The PCQI course participants often showed a particular interest in the topic of validation, when and how to validate, what is acceptable and what is not, with regards to compliance with the FDA requirements.
The Preventive Controls for Human Food requirements stipulate in 21 CFR 117.160:
(a) You must validate that the preventive controls identified and implemented in accordance with § 117.135 are adequate to control the hazard as appropriate to the nature of the preventive control and its role in the facility’s food safety system.
(b) The validation of the preventive controls must be performed (or overseen) by a preventive controls qualified individual.
According to § 117.3 Definitions, validation means obtaining and evaluating scientific and technical evidence that a control measure, combination of control measures, or the food safety plan as a whole, when properly implemented, is capable of effectively controlling the identified hazards.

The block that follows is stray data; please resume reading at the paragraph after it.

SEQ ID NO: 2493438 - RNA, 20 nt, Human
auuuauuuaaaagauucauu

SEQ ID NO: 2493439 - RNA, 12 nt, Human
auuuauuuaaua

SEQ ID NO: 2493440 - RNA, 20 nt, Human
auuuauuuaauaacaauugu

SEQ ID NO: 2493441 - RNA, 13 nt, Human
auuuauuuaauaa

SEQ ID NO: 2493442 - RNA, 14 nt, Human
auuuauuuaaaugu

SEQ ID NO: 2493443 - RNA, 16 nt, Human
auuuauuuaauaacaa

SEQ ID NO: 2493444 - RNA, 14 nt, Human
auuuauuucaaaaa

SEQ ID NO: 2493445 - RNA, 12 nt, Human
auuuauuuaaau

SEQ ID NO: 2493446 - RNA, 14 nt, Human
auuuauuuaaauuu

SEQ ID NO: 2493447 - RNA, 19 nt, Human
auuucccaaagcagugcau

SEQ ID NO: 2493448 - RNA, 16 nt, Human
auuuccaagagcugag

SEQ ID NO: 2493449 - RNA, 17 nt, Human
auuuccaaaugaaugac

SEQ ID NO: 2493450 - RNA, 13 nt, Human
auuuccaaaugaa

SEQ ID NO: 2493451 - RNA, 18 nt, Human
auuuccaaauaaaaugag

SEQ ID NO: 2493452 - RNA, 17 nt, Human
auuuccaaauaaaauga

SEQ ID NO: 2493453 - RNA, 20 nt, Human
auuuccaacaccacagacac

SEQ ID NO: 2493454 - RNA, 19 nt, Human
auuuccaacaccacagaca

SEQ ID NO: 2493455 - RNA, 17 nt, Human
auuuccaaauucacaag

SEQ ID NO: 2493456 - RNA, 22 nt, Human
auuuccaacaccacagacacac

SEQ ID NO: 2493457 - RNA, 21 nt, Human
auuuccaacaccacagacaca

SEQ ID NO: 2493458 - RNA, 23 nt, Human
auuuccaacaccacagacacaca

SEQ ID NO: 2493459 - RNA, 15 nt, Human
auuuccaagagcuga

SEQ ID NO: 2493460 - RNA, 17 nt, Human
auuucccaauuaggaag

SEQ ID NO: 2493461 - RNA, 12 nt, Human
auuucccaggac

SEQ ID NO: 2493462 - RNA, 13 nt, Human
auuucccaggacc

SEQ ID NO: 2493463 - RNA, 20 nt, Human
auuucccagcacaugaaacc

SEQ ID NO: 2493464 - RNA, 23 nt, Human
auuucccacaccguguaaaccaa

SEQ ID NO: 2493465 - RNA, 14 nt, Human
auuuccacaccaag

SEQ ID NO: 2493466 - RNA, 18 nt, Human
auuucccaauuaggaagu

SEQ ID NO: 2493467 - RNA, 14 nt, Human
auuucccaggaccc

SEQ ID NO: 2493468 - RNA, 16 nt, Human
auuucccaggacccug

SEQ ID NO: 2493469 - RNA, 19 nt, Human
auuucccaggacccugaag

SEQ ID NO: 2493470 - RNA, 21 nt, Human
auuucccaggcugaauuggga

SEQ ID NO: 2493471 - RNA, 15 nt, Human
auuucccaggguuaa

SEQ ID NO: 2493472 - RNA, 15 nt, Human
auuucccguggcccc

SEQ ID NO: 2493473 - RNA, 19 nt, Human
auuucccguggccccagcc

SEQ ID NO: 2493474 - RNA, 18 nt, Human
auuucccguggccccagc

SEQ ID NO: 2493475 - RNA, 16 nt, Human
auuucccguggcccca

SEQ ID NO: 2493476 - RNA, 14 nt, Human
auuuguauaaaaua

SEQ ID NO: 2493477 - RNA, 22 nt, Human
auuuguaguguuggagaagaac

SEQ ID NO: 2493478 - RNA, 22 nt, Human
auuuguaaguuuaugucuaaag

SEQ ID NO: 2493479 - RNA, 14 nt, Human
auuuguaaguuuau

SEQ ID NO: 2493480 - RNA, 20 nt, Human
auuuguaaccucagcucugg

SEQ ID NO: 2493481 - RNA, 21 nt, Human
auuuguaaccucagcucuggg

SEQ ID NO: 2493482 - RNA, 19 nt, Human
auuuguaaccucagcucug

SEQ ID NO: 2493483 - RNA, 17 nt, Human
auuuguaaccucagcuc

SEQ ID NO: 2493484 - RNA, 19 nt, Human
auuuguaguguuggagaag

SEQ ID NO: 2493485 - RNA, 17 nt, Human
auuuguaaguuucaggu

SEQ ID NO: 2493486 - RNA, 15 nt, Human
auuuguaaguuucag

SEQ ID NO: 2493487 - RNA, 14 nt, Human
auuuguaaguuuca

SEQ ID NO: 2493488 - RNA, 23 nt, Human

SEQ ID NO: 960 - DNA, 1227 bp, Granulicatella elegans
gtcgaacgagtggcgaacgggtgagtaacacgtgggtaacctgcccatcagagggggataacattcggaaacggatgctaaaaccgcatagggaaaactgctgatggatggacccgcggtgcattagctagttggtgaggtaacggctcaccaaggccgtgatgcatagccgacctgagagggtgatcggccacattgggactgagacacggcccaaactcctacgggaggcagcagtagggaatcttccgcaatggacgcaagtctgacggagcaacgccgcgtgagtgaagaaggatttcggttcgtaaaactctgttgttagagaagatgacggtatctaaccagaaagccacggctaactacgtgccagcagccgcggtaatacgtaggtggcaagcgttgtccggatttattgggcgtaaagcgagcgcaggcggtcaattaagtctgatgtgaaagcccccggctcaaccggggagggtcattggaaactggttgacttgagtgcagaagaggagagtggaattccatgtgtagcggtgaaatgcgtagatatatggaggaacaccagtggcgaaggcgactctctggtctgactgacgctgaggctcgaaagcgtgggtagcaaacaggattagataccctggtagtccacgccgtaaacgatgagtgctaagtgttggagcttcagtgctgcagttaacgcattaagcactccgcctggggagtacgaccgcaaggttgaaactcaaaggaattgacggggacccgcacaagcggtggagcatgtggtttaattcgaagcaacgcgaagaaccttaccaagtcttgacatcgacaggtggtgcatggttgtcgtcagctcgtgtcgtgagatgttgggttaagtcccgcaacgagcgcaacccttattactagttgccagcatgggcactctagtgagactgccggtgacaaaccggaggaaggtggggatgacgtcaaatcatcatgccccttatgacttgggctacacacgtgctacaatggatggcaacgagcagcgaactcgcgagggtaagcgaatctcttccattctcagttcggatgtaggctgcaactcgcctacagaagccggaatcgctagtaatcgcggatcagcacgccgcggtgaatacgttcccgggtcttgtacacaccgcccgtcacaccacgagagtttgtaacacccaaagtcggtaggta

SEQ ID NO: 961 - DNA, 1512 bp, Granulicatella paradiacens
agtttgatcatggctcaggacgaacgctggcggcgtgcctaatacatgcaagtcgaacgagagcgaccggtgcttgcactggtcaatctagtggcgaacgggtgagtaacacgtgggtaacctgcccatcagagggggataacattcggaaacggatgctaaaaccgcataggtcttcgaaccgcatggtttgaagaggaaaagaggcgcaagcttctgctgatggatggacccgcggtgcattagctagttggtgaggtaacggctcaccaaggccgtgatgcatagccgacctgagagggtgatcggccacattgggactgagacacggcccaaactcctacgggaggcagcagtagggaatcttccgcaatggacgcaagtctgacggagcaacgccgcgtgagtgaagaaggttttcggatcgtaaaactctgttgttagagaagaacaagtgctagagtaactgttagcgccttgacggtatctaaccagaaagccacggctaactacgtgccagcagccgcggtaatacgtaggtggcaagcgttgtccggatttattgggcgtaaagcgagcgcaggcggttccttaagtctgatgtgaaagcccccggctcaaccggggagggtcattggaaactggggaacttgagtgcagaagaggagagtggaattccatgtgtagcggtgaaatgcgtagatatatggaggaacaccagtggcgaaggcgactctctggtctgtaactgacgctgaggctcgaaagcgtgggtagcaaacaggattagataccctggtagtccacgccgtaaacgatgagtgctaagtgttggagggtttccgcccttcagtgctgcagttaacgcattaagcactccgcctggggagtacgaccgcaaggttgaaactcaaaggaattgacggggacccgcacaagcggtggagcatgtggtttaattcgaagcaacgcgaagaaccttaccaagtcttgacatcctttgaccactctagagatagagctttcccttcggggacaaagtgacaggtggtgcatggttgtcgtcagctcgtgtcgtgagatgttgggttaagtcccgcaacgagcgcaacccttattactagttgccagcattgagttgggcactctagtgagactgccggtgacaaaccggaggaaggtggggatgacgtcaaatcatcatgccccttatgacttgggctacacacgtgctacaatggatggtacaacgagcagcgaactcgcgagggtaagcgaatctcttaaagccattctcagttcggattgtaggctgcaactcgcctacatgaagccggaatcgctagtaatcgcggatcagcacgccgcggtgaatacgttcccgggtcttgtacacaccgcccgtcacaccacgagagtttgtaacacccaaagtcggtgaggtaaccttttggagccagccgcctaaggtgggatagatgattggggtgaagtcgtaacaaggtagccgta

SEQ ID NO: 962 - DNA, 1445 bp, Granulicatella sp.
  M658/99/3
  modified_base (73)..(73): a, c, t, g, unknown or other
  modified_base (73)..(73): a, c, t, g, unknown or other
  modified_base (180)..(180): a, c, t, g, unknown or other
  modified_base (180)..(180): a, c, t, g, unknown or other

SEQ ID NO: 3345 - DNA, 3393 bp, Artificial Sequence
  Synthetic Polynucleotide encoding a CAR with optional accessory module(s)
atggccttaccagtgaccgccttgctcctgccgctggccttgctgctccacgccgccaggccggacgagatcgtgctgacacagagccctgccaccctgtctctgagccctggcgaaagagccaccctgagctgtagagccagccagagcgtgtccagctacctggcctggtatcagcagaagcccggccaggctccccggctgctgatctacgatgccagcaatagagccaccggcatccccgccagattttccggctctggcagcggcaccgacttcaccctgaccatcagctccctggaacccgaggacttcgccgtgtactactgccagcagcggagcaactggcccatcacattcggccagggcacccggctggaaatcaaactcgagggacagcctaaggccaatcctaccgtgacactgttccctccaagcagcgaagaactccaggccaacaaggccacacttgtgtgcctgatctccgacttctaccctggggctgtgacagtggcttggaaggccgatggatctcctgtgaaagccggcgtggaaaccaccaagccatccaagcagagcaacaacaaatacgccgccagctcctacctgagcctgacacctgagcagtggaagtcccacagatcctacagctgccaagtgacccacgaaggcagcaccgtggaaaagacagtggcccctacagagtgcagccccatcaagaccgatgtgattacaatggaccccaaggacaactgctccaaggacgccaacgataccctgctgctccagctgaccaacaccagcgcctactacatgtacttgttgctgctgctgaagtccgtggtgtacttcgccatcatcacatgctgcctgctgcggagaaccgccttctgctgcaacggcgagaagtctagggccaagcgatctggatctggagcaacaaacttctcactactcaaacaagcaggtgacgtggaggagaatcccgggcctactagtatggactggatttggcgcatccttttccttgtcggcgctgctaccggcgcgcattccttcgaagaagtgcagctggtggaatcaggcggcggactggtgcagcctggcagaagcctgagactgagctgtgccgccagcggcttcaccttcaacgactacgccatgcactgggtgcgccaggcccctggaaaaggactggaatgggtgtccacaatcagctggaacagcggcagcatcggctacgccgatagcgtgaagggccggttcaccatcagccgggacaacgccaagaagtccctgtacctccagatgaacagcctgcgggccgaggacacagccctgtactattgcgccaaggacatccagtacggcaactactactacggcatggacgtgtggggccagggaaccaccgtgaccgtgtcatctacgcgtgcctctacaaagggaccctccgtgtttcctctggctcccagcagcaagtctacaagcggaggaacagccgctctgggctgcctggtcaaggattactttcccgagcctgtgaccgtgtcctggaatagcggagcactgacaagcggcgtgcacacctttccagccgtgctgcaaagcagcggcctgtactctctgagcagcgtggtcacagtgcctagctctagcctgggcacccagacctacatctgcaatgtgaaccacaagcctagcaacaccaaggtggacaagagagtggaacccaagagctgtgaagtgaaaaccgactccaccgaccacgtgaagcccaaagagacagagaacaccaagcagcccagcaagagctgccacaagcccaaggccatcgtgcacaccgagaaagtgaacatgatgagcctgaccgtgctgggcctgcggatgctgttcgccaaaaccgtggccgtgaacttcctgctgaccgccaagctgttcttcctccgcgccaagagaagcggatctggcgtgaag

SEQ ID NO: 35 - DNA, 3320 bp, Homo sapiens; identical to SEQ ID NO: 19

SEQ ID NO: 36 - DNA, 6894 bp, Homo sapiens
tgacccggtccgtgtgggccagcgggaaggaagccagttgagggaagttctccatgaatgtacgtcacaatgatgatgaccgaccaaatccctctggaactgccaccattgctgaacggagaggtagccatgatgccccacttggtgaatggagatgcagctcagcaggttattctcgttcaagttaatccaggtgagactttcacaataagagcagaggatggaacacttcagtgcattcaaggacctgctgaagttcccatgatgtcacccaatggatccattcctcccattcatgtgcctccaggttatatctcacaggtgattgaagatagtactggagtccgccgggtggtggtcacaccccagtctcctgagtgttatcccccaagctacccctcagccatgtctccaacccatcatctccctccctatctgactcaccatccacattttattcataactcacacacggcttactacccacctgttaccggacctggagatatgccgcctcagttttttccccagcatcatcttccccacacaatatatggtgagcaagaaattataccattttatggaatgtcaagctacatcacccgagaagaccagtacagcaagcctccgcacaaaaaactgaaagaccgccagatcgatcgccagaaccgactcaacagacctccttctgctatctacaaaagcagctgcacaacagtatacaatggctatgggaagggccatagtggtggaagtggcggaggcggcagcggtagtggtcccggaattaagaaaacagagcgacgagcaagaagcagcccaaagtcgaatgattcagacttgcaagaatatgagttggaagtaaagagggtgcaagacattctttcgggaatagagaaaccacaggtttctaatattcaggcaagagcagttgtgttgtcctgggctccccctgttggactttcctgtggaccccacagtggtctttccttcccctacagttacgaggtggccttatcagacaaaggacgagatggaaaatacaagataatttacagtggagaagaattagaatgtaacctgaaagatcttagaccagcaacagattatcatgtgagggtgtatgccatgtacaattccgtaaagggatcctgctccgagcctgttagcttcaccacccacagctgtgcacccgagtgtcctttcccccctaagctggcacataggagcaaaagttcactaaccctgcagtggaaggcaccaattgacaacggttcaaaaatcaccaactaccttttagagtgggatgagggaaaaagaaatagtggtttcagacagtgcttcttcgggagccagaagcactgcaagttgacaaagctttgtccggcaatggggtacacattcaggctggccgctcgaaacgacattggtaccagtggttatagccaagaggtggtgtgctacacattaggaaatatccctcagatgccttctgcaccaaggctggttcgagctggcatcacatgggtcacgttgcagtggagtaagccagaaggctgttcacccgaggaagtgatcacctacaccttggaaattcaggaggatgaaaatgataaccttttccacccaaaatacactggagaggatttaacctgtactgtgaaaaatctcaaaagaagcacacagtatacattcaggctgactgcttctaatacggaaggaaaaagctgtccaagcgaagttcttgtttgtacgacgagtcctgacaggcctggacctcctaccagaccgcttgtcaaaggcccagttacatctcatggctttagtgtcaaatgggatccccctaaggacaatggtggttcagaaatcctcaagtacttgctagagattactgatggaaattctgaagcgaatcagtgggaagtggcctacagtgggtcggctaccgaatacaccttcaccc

While the Preventive Controls for Human rule provided flexibility in justifying the reasons not to validate sanitation preventive controls, allergen preventive controls, and others – except in certain conditions (to be discussed in the next post), validation of process controls is a must-to-do.
This decision tree , published by Ceylan et al. 2021 in Comprehensive Reviews in Food Science and Food Safety, is a practical and simple tool to use in supporting the decision of when and which validation study approach is most applicable.
You find the decision tree in the link provided above to access the full article. If you find it useful, why not sharing it with you team members to enhance their knowledge on the importance of science-based approach in food safety.
Got questions on your FSP and risk assessment, or on regulatory matters? I will be happy to hear from you.